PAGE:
The phrase “net carbon neutrality” may be unfamiliar. It means eliminating or offsetting all of our emissions from fossil fuel use – to stop contributing to climate change. Please consider forming a team to discern the next steps for your parish.

Here are some resources for discernment and engagement on that journey:

Read: Living in an Icon, by Robert Gottfried & Frederick W. Krueger, shows how contemplation of God’s Creation inspires and empowers us to be better stewards. Braiding Sweetgrass, by the Native American biologist Robin Wall Kimmerer, will help you see the beauty of ecology and how every act is potentially sacred. Finding the Mother Tree, by forester and scientist Suzanne Simard, will help you understand how trees communicate and how much about Creation we human beings are just now beginning to perceive.

Watch: Katharine Hayhoe, a climate scientist and gifted communicator, explains in a TED talk why it is so important to wean ourselves off fossil fuels as soon as possible, moving to clean energy, and how important it is to talk about why climate change matters to us as human beings and as Christians. Look up Prof. Hayhoe’s books and articles to learn more!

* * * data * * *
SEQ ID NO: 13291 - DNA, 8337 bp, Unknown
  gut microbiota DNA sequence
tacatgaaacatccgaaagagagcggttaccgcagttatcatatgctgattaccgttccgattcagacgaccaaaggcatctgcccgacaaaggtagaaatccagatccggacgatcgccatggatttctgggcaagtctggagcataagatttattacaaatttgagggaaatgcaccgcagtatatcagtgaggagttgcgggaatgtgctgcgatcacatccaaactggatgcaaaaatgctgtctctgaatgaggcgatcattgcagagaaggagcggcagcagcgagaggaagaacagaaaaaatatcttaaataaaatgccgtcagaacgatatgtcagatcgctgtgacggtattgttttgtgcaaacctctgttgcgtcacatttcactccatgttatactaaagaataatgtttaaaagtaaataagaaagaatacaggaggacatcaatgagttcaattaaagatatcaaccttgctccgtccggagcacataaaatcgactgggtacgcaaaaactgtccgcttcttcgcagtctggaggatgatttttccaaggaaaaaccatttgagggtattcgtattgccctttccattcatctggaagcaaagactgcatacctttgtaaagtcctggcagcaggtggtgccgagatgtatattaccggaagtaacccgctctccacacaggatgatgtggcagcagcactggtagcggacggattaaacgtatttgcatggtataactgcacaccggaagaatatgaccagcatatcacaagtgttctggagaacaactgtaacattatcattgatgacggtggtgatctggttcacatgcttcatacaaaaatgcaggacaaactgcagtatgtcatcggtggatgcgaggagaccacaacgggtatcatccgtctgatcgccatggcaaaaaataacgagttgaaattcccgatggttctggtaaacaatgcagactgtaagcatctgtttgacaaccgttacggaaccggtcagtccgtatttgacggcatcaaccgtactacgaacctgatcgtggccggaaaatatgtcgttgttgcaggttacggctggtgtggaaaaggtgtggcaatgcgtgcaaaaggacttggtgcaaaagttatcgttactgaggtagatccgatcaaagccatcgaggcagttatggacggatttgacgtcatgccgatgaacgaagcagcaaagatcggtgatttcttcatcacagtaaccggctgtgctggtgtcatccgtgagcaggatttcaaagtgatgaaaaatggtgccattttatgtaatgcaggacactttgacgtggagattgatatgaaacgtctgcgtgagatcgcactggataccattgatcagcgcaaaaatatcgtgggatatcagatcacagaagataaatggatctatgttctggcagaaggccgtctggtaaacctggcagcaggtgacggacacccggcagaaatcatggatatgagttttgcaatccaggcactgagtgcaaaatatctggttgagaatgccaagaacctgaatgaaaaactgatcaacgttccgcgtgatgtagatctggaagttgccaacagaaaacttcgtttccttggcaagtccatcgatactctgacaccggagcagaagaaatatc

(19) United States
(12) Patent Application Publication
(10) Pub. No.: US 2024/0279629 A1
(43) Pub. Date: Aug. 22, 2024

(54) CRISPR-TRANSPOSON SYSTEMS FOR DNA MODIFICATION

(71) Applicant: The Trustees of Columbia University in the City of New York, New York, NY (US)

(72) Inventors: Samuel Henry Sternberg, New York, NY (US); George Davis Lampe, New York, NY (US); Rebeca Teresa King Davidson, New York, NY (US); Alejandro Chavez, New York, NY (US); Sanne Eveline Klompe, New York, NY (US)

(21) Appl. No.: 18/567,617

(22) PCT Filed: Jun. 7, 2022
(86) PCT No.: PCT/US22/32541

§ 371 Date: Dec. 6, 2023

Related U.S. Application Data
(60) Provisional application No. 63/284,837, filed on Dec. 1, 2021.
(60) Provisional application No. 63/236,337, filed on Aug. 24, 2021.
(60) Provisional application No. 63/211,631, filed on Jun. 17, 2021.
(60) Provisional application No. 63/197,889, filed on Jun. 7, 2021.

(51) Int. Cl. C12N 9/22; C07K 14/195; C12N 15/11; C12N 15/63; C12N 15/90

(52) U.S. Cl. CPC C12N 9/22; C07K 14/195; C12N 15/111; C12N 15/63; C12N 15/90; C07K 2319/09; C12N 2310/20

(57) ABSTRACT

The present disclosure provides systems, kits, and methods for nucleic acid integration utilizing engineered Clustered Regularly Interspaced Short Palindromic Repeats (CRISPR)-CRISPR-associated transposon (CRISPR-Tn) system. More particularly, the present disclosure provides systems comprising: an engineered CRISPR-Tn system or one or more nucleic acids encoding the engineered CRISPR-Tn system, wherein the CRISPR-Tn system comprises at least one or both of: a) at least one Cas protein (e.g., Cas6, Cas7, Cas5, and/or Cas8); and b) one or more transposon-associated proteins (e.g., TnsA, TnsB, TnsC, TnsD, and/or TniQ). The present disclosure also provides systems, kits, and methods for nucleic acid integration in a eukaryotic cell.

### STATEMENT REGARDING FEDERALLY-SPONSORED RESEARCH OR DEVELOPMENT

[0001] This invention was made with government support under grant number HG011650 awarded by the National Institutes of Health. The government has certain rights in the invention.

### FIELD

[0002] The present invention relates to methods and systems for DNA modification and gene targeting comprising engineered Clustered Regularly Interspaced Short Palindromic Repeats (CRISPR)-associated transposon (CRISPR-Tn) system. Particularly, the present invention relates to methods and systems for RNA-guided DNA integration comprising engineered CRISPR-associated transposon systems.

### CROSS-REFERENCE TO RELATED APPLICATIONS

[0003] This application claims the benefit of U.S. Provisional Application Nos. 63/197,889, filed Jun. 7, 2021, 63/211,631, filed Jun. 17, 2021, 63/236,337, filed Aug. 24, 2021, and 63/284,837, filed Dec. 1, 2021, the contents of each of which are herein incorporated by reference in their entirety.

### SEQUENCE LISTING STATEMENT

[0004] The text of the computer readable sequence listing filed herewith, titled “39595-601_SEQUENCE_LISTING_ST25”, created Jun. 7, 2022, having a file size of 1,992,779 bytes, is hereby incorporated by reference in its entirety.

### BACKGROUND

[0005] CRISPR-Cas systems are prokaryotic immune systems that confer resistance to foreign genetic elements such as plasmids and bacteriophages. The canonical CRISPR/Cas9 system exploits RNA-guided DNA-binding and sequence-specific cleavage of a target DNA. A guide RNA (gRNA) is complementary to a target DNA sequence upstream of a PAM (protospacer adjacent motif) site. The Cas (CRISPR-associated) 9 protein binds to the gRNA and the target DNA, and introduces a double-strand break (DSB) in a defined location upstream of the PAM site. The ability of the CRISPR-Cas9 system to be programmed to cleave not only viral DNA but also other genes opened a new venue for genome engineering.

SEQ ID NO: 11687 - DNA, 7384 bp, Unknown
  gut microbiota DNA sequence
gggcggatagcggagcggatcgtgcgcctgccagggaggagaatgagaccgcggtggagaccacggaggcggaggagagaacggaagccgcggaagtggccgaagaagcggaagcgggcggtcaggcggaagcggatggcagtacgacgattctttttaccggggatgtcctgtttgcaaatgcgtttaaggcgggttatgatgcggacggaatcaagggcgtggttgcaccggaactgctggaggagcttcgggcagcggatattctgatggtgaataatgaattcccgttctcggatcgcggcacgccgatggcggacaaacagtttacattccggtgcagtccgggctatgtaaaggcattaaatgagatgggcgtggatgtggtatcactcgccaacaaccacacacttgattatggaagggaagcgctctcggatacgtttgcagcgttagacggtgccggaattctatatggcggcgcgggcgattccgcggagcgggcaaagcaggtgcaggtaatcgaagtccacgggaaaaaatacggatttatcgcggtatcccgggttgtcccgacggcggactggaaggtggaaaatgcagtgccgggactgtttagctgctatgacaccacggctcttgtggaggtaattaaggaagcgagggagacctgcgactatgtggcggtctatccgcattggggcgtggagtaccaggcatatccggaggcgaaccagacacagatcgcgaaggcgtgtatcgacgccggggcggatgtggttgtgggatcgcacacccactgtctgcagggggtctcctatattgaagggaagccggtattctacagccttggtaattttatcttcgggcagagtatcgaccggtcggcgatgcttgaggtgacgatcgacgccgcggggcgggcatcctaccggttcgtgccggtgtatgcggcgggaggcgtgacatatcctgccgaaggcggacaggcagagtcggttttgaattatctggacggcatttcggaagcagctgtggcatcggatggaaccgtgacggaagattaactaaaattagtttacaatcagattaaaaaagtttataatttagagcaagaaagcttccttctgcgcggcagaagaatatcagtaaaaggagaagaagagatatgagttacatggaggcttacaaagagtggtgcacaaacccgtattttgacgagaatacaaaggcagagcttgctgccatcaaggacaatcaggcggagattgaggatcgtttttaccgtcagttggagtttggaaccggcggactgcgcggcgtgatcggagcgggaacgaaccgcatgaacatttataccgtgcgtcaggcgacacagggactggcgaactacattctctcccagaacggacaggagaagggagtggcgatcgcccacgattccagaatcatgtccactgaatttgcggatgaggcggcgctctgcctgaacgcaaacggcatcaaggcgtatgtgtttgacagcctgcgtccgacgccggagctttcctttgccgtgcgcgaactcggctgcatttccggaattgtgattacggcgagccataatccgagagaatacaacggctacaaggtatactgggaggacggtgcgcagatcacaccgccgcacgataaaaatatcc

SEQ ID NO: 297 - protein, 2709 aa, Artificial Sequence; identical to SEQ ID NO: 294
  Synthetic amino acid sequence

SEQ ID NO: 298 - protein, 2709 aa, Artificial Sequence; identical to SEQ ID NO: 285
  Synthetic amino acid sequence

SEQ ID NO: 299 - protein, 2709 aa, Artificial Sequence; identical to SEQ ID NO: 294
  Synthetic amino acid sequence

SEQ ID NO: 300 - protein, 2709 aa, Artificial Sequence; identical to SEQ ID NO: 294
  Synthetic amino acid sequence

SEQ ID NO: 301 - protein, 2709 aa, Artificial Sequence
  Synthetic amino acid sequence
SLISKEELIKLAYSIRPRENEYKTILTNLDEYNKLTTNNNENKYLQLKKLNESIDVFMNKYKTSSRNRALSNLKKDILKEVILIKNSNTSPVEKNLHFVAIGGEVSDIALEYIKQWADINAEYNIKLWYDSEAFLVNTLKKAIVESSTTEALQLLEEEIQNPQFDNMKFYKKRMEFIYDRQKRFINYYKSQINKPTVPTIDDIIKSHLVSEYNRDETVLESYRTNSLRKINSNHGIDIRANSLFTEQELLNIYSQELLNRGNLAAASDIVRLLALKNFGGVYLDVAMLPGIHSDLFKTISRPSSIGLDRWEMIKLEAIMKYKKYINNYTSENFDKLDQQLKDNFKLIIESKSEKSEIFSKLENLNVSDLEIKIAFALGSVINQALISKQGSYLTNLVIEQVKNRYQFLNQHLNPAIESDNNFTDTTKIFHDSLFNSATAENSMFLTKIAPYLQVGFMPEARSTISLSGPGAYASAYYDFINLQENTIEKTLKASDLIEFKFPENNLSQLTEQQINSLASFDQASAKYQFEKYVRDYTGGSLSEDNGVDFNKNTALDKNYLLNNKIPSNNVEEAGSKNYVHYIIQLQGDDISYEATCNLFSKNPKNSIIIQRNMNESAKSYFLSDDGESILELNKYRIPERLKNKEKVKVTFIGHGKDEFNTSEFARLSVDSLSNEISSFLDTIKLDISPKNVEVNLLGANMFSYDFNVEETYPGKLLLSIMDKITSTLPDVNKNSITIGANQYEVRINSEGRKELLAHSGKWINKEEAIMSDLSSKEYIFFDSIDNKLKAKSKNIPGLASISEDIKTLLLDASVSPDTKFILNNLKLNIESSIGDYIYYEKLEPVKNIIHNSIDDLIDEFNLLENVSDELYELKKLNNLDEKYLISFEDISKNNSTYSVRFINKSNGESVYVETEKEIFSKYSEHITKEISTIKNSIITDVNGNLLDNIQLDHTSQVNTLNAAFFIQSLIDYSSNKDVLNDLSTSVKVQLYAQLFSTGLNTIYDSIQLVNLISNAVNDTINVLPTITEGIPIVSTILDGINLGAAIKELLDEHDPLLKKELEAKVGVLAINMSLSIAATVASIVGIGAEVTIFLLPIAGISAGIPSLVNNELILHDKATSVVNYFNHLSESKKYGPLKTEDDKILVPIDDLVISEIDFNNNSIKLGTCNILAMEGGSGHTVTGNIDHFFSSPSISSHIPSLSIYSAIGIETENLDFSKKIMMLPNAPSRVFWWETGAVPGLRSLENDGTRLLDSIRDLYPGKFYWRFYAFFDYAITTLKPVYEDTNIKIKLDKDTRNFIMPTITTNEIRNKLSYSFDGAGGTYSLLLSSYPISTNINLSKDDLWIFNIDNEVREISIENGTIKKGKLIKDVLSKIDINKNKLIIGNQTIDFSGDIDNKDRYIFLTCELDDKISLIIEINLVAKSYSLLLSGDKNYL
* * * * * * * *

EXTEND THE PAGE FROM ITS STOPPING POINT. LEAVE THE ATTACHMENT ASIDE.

Learn: Did you know the Diocese has a web page devoted to creation care? We also have a monthly newsletter on ways to engage and events to attend – just send an email to sign up. Richard Rohr’s Center for Action and Contemplation offers daily messages that include healthy doses of why Creation Care matters. A “zine” from Sojourners presents Creation Care information in a fun format that’s easy to read, with important discussion questions that let you and your group dig deeper. Katharine Hayhoe’s weekly newsletter also includes the good news along with the not so good.

Partner: Join with others in taking action. Interfaith Power & Light will help you reduce and clean up your energy use – become one of their Cool Congregations! (EPA’s ENERGY STAR for Congregations website is amazingly helpful.) Interfaith Partners for the Chesapeake can help with tree planting and water runoff.

Do: Get your energy from the sun and save money – either from panels on your roof or community solar. Replace your gas stove with an electric cooktop, or just add and use an induction burner. Get fresh food from a community-supported agriculture source like the Chesapeake Bay Foundation’s Clagett Farm. Drive less and walk more! Don’t forget to plant and care for native trees in our area!

And pray every day, not just on Earth Day, that God will do miraculous work in helping us care for the world we live in – the world we will leave to our children and grandchildren.